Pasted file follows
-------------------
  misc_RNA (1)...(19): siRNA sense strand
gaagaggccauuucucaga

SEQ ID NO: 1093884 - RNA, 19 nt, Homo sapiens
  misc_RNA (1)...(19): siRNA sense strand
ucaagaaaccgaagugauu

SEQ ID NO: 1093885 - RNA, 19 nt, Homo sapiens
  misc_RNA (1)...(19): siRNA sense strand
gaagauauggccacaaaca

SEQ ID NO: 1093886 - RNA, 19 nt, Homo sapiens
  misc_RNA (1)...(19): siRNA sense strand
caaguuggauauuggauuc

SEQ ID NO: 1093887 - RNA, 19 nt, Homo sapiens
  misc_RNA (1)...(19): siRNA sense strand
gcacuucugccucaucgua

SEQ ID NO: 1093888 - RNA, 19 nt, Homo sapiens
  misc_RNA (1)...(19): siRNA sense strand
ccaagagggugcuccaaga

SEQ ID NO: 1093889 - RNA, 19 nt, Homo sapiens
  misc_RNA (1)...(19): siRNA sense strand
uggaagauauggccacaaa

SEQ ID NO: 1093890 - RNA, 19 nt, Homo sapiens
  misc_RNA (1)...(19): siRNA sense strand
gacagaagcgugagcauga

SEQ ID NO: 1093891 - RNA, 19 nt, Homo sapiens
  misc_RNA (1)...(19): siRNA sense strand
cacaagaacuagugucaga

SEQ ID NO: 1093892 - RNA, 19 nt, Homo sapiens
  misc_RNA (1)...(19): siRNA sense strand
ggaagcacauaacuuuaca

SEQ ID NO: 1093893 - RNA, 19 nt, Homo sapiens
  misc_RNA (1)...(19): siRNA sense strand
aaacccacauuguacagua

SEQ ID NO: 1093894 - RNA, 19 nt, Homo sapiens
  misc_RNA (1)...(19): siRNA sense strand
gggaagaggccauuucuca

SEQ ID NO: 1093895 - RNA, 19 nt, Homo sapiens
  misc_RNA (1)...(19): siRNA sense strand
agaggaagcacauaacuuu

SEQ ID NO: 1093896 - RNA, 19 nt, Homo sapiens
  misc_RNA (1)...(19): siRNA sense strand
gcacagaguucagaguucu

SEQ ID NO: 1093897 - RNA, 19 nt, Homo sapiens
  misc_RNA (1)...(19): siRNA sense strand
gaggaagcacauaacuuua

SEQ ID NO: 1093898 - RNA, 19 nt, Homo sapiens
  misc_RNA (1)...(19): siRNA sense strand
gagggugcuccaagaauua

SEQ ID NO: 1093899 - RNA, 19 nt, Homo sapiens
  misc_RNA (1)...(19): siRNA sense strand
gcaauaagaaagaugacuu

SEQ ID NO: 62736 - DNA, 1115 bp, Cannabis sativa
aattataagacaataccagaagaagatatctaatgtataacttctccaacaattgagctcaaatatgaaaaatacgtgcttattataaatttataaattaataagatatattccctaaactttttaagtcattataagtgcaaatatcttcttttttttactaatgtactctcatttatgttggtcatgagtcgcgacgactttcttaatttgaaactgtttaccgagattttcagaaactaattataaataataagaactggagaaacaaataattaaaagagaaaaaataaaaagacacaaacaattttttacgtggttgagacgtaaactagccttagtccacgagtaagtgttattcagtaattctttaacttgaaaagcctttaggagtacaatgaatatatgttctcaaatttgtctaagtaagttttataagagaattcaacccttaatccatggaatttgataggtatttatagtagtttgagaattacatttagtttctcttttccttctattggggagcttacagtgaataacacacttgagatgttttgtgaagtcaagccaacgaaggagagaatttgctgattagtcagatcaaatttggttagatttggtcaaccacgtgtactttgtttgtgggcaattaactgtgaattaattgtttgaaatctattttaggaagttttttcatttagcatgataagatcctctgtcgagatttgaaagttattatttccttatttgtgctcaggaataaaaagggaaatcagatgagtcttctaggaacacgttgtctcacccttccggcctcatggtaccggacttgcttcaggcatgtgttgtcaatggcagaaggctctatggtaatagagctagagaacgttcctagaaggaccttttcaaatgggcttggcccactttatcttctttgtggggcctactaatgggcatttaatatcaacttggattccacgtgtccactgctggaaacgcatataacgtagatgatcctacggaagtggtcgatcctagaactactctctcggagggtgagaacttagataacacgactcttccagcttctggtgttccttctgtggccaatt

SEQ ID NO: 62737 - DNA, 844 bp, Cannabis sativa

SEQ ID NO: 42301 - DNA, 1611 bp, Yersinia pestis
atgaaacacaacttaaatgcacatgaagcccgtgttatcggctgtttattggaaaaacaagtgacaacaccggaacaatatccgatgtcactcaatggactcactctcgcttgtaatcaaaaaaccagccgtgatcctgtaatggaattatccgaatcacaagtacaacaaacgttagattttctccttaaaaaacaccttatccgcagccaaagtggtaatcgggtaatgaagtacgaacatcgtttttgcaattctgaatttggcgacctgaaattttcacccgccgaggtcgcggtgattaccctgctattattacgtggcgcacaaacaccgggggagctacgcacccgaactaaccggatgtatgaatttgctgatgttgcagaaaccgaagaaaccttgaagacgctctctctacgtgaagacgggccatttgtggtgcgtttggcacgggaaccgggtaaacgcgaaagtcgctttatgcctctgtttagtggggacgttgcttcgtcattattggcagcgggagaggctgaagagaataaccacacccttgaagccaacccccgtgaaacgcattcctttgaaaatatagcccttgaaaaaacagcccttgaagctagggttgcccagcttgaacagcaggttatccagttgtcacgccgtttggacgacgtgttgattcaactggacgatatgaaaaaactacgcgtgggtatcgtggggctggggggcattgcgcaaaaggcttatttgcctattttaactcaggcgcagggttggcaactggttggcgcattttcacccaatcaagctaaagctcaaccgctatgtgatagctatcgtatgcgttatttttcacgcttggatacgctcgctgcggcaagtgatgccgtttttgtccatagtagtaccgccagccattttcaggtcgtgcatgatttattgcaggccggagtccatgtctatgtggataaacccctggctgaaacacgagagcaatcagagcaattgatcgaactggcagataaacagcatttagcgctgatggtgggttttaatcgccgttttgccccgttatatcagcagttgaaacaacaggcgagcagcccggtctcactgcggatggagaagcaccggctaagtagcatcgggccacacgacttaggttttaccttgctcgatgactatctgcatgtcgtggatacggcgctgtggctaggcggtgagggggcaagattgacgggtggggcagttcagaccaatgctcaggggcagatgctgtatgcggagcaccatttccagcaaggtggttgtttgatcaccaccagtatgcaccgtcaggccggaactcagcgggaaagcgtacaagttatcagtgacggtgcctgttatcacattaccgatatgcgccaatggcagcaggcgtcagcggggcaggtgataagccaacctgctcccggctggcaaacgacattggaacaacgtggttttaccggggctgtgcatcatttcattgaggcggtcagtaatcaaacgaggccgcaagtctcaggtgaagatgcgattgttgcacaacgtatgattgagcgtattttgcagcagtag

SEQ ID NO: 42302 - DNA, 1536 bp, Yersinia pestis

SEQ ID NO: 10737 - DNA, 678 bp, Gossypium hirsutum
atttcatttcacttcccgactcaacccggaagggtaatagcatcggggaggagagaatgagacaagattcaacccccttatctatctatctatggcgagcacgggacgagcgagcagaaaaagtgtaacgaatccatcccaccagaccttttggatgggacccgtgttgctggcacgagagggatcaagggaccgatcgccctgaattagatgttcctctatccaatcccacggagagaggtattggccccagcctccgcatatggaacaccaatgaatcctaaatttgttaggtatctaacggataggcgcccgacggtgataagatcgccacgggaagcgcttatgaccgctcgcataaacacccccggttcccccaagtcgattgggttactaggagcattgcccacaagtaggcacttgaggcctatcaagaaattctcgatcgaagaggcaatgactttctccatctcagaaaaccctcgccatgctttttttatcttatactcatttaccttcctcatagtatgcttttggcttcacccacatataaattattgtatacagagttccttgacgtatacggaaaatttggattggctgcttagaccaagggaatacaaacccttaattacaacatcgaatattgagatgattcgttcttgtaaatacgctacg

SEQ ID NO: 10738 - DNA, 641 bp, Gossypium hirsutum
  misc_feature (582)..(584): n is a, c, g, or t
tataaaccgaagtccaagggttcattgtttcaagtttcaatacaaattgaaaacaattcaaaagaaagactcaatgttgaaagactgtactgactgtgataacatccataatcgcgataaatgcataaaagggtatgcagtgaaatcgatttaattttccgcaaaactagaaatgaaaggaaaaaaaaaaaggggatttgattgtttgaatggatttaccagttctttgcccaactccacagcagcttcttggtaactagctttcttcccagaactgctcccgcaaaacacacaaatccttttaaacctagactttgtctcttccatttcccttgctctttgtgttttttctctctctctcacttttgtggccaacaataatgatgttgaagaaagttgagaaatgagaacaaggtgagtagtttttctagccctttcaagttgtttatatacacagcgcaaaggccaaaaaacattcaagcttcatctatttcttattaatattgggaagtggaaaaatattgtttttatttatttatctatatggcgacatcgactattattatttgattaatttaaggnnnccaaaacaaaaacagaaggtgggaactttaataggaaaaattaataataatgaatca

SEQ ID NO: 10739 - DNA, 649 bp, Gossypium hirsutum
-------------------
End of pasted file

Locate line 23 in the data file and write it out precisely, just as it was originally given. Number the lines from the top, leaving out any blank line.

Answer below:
gacagaagcgugagcauga